GROTON FALL FESTIVAL, Poquonnock Plains Park, Saturday, Oct. 10, 2009. Sponsored by: Groton Business Association (a division of the Greater Mystic Chamber of Commerce)...Here we have, just in! Dynamic Demo from Gabrielle's Kickboxing Studio, with many locations in Southeastern CT; "extreme fighting;" AVCRAD's Blackhawk Helicopter on display; and "carnival in the park." a local business expo took place here, which I found to be very helpful and encouraging for the future of "MAAP." For booth registration info for Fall 2010, go to:

Waterford Duck Pond

Early October fall foliage hits the Civic Triangle Park at the Duck Pond in Waterford, CT recently.

Sunday, October 18, 2009

A Burden Lifted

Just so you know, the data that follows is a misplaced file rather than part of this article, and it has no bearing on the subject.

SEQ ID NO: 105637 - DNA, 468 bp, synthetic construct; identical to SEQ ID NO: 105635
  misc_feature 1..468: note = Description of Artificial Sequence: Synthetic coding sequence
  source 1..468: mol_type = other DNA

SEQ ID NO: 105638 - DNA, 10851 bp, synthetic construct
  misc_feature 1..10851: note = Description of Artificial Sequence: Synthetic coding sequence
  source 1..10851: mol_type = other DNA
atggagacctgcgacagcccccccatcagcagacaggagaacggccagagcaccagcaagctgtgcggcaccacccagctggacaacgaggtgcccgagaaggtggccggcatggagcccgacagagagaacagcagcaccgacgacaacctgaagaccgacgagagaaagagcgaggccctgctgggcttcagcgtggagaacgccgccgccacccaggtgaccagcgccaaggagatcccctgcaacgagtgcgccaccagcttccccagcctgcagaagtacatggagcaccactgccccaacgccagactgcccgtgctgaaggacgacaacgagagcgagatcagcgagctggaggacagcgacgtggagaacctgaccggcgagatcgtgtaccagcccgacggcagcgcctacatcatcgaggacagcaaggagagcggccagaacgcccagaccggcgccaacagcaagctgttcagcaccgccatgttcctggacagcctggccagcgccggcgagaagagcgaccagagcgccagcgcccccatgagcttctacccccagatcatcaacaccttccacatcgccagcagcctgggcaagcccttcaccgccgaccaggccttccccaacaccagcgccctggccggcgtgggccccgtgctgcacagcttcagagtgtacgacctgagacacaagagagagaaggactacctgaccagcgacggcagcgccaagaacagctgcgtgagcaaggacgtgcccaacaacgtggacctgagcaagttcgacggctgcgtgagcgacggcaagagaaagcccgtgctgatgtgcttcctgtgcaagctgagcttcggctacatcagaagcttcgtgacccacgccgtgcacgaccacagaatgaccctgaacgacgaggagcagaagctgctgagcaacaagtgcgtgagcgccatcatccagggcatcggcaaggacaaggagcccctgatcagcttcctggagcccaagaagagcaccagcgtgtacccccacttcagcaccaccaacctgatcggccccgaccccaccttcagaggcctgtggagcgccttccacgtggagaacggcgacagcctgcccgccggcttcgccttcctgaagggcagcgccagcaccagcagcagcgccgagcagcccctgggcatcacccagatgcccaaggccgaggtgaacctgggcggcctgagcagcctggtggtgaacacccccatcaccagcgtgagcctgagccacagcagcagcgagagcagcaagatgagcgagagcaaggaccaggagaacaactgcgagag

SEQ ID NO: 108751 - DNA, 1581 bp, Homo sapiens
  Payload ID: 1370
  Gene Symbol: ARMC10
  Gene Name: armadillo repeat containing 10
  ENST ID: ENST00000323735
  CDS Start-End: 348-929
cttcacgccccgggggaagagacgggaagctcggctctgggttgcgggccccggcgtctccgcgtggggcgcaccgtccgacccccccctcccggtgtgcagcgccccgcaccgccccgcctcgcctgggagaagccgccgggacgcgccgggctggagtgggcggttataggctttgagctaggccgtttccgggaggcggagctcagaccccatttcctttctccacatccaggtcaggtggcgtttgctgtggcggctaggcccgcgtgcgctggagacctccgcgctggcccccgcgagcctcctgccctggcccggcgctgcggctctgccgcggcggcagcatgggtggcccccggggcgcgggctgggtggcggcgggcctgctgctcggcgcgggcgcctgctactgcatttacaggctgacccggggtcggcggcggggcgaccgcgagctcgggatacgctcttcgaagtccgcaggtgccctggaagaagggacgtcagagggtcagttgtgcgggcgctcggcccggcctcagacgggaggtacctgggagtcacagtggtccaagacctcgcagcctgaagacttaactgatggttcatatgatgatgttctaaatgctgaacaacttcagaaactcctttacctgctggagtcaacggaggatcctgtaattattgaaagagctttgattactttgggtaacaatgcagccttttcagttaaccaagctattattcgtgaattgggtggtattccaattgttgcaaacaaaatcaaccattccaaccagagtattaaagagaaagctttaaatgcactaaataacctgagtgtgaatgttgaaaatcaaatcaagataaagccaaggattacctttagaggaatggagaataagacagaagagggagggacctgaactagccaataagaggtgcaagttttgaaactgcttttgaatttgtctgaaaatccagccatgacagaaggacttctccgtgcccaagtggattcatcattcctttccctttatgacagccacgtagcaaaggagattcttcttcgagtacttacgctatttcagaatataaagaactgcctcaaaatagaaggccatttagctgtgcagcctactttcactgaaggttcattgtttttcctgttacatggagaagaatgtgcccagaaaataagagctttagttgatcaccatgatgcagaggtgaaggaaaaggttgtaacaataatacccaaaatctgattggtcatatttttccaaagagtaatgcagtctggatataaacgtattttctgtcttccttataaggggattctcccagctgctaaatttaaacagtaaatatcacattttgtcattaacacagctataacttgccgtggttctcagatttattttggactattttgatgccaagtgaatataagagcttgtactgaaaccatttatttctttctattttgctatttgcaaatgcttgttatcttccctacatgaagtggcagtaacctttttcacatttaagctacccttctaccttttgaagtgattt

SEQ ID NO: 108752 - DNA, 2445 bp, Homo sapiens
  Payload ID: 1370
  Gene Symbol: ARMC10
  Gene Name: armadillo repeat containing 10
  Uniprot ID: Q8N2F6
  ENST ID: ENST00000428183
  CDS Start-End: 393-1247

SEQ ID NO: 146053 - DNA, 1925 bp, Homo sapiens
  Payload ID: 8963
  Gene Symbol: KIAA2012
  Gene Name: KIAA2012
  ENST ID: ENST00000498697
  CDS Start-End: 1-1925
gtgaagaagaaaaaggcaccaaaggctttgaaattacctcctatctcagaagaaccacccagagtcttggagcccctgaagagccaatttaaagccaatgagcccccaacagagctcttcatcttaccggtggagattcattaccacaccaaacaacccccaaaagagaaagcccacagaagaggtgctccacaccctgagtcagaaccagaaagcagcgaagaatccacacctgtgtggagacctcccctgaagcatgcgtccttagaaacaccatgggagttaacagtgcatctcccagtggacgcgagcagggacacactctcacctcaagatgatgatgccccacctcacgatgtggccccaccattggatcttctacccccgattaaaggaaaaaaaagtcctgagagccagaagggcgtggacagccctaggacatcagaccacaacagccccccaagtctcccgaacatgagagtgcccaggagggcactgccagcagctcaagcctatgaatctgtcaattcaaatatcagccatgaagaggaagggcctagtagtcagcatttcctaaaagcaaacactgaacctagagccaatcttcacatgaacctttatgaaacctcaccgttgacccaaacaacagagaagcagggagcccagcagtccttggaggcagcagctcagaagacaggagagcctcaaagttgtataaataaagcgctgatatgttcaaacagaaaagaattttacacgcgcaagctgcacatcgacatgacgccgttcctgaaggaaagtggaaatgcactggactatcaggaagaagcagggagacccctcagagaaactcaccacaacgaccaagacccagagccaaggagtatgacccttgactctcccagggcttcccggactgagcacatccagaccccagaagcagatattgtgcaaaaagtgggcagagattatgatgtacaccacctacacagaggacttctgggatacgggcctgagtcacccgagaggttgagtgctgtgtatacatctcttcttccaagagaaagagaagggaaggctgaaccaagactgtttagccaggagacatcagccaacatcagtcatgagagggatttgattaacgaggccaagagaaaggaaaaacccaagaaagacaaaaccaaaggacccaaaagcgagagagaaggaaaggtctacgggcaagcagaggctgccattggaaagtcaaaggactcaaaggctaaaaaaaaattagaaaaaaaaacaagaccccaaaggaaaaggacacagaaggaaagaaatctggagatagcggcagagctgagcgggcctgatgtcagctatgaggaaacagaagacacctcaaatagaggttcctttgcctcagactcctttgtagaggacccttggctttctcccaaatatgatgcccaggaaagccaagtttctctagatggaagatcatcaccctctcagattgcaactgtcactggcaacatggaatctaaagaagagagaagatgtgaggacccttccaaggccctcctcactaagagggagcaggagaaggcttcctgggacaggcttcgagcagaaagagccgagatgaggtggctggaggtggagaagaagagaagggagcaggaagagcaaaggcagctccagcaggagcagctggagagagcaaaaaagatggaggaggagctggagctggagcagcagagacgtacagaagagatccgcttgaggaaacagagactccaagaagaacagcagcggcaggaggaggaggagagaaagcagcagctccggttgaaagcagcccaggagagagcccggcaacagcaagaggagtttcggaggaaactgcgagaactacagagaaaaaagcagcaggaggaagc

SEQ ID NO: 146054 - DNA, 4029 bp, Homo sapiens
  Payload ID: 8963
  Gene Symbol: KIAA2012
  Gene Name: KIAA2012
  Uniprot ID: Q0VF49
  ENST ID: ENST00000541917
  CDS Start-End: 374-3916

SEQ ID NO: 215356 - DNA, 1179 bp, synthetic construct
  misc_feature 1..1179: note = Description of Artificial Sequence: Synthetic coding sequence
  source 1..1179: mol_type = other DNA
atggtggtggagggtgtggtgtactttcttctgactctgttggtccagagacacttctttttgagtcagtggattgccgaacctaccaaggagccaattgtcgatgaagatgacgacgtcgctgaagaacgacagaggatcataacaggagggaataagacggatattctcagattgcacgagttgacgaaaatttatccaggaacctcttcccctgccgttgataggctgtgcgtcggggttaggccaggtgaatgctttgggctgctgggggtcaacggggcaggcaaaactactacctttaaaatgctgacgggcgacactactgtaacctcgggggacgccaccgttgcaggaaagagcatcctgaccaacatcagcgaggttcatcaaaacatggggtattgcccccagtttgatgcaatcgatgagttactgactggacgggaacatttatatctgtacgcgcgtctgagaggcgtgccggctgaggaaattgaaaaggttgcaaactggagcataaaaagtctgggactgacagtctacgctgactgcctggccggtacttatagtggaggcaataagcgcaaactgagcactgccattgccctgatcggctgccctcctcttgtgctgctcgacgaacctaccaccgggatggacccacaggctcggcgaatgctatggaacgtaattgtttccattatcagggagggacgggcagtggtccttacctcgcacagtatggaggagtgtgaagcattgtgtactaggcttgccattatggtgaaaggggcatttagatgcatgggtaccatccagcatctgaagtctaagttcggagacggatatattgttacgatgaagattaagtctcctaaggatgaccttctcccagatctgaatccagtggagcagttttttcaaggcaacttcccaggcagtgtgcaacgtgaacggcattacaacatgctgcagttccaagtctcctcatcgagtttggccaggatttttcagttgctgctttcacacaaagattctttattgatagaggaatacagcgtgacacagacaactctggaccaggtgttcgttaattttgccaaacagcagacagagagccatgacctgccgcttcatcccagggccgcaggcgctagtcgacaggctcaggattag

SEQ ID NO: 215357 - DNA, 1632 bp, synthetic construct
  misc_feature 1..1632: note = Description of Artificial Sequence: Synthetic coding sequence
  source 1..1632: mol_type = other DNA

Mmmm whatta ya think of my re-rendering of Edgar Allen Poe's most famous poem, "The Raven?" Funny, but I am just starting to feel the weight of a heavy burden lifting. The weight of the past ten years, a strange situation to say the least. Do I mean what I said in my rendition of The Raven? Every word. I always mean every word I say. OK, so The Residence may not be the mob-controlled cash laundering center I suspect it to be. (Why else would they watch every little thing you do? Try to prevent you from normal, everyday coming and going???) But I hope the truth comes out soon. Just keepin' it real! If The Residence isn't the commie wacko place I suspect it to be, well then. Guess I got back at the old poopyhead's for slandering MY good name. Such is the fate of young and middle aged (hate that word) adults diagnosed with disabilities, some of us forced to live in senior housing and not accepted among those. Not all senior citizens are bad. Many of you whom I've met here in New London are young at heart. My apt building just happens to be filled with the other kind. Idle gossips, busy bodies, backstabbers. It would take pennnies from Heaven, lots of them, and new friends and relationships too, in order to relocate and leave my personal pain of the past ten years behind. Seemingly impossible, but stranger things have happened. So here's to all of you old poopyheads of New London. I'm here to stay! In New London, that is. And when I'm through with you all, I'm going to be a force to be reckoned with!!! (Who is she that looketh forth as the morning, fair as the moon, clear as the sun and more terrible than an army of banners? -- Song of Solomon 6:10)P.S. I had a great time at Ocean Beach Celebration at Port 'n' Starboard last night. I saw a few people I know, a woman from Pequot Health Center where I used to go to eat at the Cafe almost every day, now closed. I may join the Save Ocean Beach Committee. I think I would make a great SOB! The band, Rock 'n' Soul Revue was awesome and I had no trouble dancing with a bunch of ladies I met at my table. Rock on!